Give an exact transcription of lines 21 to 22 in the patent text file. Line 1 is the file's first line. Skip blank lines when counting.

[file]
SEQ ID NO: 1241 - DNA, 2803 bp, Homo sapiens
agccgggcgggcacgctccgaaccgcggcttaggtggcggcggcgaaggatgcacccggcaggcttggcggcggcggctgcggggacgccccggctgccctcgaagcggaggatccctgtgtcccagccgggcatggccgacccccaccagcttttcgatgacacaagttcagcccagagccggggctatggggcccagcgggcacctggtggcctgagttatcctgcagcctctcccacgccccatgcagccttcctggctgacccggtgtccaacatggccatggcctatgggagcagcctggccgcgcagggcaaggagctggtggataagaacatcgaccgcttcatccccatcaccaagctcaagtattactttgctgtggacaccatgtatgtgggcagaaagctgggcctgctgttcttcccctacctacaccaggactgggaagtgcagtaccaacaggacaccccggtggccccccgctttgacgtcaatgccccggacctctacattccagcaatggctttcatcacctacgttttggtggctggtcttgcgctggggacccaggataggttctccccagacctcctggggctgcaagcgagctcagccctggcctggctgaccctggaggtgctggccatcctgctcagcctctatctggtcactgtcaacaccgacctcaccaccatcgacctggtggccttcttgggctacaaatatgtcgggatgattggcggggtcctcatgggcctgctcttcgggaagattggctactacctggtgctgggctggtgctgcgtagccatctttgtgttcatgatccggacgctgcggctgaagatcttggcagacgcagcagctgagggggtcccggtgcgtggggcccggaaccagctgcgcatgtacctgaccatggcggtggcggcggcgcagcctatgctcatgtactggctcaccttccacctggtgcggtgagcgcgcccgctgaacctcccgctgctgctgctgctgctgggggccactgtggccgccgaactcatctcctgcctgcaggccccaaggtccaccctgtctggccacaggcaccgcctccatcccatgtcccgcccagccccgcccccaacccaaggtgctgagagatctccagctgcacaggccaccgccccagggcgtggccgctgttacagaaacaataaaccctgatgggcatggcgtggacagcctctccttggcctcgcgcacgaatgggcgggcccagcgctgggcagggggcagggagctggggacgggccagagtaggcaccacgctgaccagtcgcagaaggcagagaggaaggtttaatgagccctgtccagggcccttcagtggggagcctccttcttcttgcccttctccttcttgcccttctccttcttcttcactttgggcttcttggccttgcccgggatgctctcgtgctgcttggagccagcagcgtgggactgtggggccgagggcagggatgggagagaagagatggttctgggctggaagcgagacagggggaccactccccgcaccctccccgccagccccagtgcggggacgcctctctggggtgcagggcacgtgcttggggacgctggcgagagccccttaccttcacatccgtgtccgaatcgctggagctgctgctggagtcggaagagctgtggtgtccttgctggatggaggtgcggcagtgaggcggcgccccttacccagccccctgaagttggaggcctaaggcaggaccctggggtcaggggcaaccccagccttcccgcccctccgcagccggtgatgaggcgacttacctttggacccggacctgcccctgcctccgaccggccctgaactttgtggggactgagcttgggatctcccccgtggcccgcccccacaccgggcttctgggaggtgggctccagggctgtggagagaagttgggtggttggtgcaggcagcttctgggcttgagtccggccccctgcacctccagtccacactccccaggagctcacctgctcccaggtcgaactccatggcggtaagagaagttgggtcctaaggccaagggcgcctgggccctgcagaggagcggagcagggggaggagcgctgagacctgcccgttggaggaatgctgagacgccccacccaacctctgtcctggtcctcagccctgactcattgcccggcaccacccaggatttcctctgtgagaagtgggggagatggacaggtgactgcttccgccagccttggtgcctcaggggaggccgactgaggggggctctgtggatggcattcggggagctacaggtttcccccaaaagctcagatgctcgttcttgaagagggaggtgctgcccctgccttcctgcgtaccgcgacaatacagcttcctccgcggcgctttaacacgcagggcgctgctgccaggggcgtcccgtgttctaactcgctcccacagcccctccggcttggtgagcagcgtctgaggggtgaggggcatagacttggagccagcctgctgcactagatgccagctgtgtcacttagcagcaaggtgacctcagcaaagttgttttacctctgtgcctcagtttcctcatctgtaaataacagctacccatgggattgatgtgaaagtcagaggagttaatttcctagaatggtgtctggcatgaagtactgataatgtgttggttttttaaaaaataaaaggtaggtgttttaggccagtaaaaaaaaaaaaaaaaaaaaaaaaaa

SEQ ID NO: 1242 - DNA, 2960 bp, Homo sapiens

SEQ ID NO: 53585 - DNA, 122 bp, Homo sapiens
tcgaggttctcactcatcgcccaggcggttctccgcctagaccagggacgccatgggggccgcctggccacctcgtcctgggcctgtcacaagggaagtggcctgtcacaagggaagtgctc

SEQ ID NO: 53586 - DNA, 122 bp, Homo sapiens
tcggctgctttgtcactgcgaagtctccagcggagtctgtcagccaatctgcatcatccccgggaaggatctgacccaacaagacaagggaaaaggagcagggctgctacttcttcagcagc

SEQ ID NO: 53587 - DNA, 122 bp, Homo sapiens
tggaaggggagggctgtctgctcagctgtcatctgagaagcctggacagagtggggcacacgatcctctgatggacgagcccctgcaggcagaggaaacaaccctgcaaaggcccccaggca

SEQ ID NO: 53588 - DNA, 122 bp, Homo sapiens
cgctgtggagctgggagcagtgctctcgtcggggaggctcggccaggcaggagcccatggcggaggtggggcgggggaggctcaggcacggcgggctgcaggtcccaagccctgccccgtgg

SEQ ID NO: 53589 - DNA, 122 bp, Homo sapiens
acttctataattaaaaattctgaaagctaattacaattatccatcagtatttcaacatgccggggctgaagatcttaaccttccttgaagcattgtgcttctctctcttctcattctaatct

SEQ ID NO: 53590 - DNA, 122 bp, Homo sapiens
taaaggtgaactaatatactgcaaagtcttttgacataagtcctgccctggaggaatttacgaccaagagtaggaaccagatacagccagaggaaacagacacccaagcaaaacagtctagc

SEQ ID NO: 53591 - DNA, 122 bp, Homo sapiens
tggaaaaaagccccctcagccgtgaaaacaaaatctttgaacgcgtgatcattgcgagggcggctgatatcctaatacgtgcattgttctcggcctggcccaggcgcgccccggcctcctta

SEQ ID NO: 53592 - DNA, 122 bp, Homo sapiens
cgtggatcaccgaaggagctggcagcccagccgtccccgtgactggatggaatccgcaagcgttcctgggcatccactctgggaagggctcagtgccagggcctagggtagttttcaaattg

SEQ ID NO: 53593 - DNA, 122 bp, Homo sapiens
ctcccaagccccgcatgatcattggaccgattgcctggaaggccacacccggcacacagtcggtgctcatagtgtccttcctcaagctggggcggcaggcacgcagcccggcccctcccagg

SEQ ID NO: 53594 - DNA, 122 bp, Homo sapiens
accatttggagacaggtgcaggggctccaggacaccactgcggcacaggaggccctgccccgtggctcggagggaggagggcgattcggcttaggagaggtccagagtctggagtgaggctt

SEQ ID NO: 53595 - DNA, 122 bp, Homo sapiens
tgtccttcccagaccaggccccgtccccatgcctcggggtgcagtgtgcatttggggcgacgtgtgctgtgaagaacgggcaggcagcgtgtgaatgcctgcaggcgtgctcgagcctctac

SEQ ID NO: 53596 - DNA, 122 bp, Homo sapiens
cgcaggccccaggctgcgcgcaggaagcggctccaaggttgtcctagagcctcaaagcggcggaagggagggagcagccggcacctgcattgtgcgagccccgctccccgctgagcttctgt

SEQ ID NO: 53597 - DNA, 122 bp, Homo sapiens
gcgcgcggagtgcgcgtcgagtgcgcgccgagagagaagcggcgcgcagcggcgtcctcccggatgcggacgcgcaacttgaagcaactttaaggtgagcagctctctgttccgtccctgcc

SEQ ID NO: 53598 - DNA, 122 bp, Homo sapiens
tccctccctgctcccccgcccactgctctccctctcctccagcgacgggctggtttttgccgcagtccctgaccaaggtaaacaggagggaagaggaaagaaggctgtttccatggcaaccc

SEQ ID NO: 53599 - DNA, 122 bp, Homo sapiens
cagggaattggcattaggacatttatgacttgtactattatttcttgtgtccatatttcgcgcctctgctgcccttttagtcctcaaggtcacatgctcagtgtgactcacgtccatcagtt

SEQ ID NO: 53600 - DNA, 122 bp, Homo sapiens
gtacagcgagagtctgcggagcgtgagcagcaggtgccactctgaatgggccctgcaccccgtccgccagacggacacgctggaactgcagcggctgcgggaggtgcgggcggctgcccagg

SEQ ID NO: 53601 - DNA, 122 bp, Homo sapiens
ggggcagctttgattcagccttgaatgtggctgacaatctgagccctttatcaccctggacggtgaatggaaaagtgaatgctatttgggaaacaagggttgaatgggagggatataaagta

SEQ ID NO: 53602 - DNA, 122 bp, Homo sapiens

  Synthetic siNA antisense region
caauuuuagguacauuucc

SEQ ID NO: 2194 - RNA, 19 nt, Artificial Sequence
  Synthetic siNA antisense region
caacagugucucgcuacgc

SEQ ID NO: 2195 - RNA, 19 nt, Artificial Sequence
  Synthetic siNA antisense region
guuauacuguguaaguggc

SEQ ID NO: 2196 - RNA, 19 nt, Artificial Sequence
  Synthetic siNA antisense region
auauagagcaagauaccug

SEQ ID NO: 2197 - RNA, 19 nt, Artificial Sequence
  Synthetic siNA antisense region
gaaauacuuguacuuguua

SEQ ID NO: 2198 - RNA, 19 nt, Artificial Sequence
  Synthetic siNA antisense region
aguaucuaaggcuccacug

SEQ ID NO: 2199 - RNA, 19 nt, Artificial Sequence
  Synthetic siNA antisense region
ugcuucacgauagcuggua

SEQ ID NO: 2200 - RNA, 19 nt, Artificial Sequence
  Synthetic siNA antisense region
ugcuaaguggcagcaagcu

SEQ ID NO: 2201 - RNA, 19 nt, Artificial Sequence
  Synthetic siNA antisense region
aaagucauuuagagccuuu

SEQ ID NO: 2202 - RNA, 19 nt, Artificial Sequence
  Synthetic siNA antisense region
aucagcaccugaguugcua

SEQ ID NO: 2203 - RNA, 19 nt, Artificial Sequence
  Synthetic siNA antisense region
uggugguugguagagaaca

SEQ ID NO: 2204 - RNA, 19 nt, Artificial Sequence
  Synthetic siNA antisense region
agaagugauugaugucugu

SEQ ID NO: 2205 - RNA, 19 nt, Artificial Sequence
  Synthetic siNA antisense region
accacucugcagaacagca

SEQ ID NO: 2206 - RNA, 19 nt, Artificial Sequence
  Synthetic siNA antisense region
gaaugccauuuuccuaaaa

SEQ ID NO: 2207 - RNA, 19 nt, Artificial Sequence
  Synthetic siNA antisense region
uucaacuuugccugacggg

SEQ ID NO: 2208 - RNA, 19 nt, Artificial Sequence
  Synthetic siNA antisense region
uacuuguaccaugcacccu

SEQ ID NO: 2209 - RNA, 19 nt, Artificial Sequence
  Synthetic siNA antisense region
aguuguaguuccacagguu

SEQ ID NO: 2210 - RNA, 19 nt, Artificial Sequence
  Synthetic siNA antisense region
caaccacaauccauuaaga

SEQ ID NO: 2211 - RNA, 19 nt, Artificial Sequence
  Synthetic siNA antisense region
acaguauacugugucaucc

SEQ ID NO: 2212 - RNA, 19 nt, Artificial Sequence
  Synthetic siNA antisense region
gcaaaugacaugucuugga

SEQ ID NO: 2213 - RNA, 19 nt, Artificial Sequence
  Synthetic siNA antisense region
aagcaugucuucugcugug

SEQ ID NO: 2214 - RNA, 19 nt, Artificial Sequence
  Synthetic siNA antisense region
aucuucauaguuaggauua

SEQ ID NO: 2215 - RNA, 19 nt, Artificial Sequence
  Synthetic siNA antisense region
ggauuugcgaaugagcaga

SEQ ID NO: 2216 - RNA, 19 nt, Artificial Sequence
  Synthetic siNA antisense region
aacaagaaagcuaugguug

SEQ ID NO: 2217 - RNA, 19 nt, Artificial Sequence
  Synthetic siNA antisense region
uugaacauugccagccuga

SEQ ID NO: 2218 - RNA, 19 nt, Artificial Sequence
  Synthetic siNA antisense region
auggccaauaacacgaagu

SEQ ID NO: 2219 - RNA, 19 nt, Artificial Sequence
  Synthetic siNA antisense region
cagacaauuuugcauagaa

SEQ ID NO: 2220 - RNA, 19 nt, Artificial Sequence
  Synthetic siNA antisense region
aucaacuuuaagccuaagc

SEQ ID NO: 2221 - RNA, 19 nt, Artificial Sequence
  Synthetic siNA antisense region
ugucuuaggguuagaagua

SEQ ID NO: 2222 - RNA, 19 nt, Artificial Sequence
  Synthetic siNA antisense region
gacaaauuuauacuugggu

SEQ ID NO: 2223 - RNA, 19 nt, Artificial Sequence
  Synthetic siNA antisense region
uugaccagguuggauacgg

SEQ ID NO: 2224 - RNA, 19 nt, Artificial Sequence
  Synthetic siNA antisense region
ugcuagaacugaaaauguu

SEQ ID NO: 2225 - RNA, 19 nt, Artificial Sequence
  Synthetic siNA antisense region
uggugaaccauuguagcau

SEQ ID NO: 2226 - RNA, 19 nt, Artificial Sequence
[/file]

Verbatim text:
ctcccaagccccgcatgatcattggaccgattgcctggaaggccacacccggcacacagtcggtgctcatagtgtccttcctcaagctggggcggcaggcacgcagcccggcccctcccagg

SEQ ID NO: 53594 - DNA, 122 bp, Homo sapiens